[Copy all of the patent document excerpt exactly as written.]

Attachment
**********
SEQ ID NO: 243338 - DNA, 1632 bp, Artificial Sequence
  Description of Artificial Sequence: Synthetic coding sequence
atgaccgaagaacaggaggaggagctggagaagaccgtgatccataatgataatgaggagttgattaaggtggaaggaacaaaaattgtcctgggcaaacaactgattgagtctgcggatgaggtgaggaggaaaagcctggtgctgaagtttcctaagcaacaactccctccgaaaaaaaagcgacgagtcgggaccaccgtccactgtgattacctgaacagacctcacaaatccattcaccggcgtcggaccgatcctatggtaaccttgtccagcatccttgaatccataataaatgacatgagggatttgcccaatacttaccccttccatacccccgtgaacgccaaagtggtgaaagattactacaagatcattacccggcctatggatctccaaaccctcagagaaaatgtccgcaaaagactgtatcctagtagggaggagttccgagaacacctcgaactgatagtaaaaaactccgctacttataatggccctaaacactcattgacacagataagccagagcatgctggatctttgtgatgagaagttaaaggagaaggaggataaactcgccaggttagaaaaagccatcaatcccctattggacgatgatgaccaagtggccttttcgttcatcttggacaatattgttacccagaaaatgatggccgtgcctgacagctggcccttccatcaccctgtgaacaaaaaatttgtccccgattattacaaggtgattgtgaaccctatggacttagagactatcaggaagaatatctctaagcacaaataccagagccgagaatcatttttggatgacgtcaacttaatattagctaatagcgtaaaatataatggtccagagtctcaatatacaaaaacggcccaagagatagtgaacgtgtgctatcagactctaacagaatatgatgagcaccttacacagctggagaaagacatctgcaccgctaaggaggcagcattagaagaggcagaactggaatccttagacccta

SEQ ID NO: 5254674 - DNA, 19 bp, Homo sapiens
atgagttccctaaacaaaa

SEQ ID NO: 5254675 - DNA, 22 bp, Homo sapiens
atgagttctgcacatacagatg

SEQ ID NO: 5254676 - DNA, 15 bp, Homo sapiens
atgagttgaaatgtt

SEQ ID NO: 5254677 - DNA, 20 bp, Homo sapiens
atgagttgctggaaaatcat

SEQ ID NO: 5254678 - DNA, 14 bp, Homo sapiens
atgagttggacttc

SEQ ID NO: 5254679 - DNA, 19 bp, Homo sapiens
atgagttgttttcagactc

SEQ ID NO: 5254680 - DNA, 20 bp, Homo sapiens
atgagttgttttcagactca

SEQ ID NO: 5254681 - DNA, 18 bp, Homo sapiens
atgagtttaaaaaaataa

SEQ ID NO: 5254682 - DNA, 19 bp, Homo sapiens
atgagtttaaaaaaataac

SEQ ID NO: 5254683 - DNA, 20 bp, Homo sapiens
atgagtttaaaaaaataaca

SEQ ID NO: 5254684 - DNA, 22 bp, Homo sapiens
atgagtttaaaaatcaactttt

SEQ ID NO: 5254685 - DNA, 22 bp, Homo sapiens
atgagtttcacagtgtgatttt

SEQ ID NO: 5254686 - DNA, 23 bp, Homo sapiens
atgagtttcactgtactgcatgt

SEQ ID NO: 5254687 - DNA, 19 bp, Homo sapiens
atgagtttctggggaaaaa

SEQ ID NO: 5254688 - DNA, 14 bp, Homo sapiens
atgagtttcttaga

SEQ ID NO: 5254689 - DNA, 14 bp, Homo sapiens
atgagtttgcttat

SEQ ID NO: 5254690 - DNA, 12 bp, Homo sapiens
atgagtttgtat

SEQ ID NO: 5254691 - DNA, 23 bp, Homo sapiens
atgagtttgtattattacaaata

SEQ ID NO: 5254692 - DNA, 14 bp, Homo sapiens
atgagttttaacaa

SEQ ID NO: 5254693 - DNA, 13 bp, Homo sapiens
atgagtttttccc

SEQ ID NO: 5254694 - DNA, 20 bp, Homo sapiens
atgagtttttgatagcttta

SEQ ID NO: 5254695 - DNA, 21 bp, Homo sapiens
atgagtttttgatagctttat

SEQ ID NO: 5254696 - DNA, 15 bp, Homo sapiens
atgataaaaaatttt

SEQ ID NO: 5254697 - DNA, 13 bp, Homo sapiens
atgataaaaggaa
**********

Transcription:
SEQ ID NO: 243338 - DNA, 1632 bp, Artificial Sequence
  Description of Artificial Sequence: Synthetic coding sequence
atgaccgaagaacaggaggaggagctggagaagaccgtgatccataatgataatgaggagttgattaaggtggaaggaacaaaaattgtcctgggcaaacaactgattgagtctgcggatgaggtgaggaggaaaagcctggtgctgaagtttcctaagcaacaactccctccgaaaaaaaagcgacgagtcgggaccaccgtccactgtgattacctgaacagacctcacaaatccattcaccggcgtcggaccgatcctatggtaaccttgtccagcatccttgaatccataataaatgacatgagggatttgcccaatacttaccccttccatacccccgtgaacgccaaagtggtgaaagattactacaagatcattacccggcctatggatctccaaaccctcagagaaaatgtccgcaaaagactgtatcctagtagggaggagttccgagaacacctcgaactgatagtaaaaaactccgctacttataatggccctaaacactcattgacacagataagccagagcatgctggatctttgtgatgagaagttaaaggagaaggaggataaactcgccaggttagaaaaagccatcaatcccctattggacgatgatgaccaagtggccttttcgttcatcttggacaatattgttacccagaaaatgatggccgtgcctgacagctggcccttccatcaccctgtgaacaaaaaatttgtccccgattattacaaggtgattgtgaaccctatggacttagagactatcaggaagaatatctctaagcacaaataccagagccgagaatcatttttggatgacgtcaacttaatattagctaatagcgtaaaatataatggtccagagtctcaatatacaaaaacggcccaagagatagtgaacgtgtgctatcagactctaacagaatatgatgagcaccttacacagctggagaaagacatctgcaccgctaaggaggcagcattagaagaggcagaactggaatccttagacccta

SEQ ID NO: 5254674 - DNA, 19 bp, Homo sapiens
atgagttccctaaacaaaa

SEQ ID NO: 5254675 - DNA, 22 bp, Homo sapiens
atgagttctgcacatacagatg

SEQ ID NO: 5254676 - DNA, 15 bp, Homo sapiens
atgagttgaaatgtt

SEQ ID NO: 5254677 - DNA, 20 bp, Homo sapiens
atgagttgctggaaaatcat

SEQ ID NO: 5254678 - DNA, 14 bp, Homo sapiens
atgagttggacttc

SEQ ID NO: 5254679 - DNA, 19 bp, Homo sapiens
atgagttgttttcagactc

SEQ ID NO: 5254680 - DNA, 20 bp, Homo sapiens
atgagttgttttcagactca

SEQ ID NO: 5254681 - DNA, 18 bp, Homo sapiens
atgagtttaaaaaaataa

SEQ ID NO: 5254682 - DNA, 19 bp, Homo sapiens
atgagtttaaaaaaataac

SEQ ID NO: 5254683 - DNA, 20 bp, Homo sapiens
atgagtttaaaaaaataaca

SEQ ID NO: 5254684 - DNA, 22 bp, Homo sapiens
atgagtttaaaaatcaactttt

SEQ ID NO: 5254685 - DNA, 22 bp, Homo sapiens
atgagtttcacagtgtgatttt

SEQ ID NO: 5254686 - DNA, 23 bp, Homo sapiens
atgagtttcactgtactgcatgt

SEQ ID NO: 5254687 - DNA, 19 bp, Homo sapiens
atgagtttctggggaaaaa

SEQ ID NO: 5254688 - DNA, 14 bp, Homo sapiens
atgagtttcttaga

SEQ ID NO: 5254689 - DNA, 14 bp, Homo sapiens
atgagtttgcttat

SEQ ID NO: 5254690 - DNA, 12 bp, Homo sapiens
atgagtttgtat

SEQ ID NO: 5254691 - DNA, 23 bp, Homo sapiens
atgagtttgtattattacaaata

SEQ ID NO: 5254692 - DNA, 14 bp, Homo sapiens
atgagttttaacaa

SEQ ID NO: 5254693 - DNA, 13 bp, Homo sapiens
atgagtttttccc

SEQ ID NO: 5254694 - DNA, 20 bp, Homo sapiens
atgagtttttgatagcttta

SEQ ID NO: 5254695 - DNA, 21 bp, Homo sapiens
atgagtttttgatagctttat

SEQ ID NO: 5254696 - DNA, 15 bp, Homo sapiens
atgataaaaaatttt

SEQ ID NO: 5254697 - DNA, 13 bp, Homo sapiens
atgataaaaggaa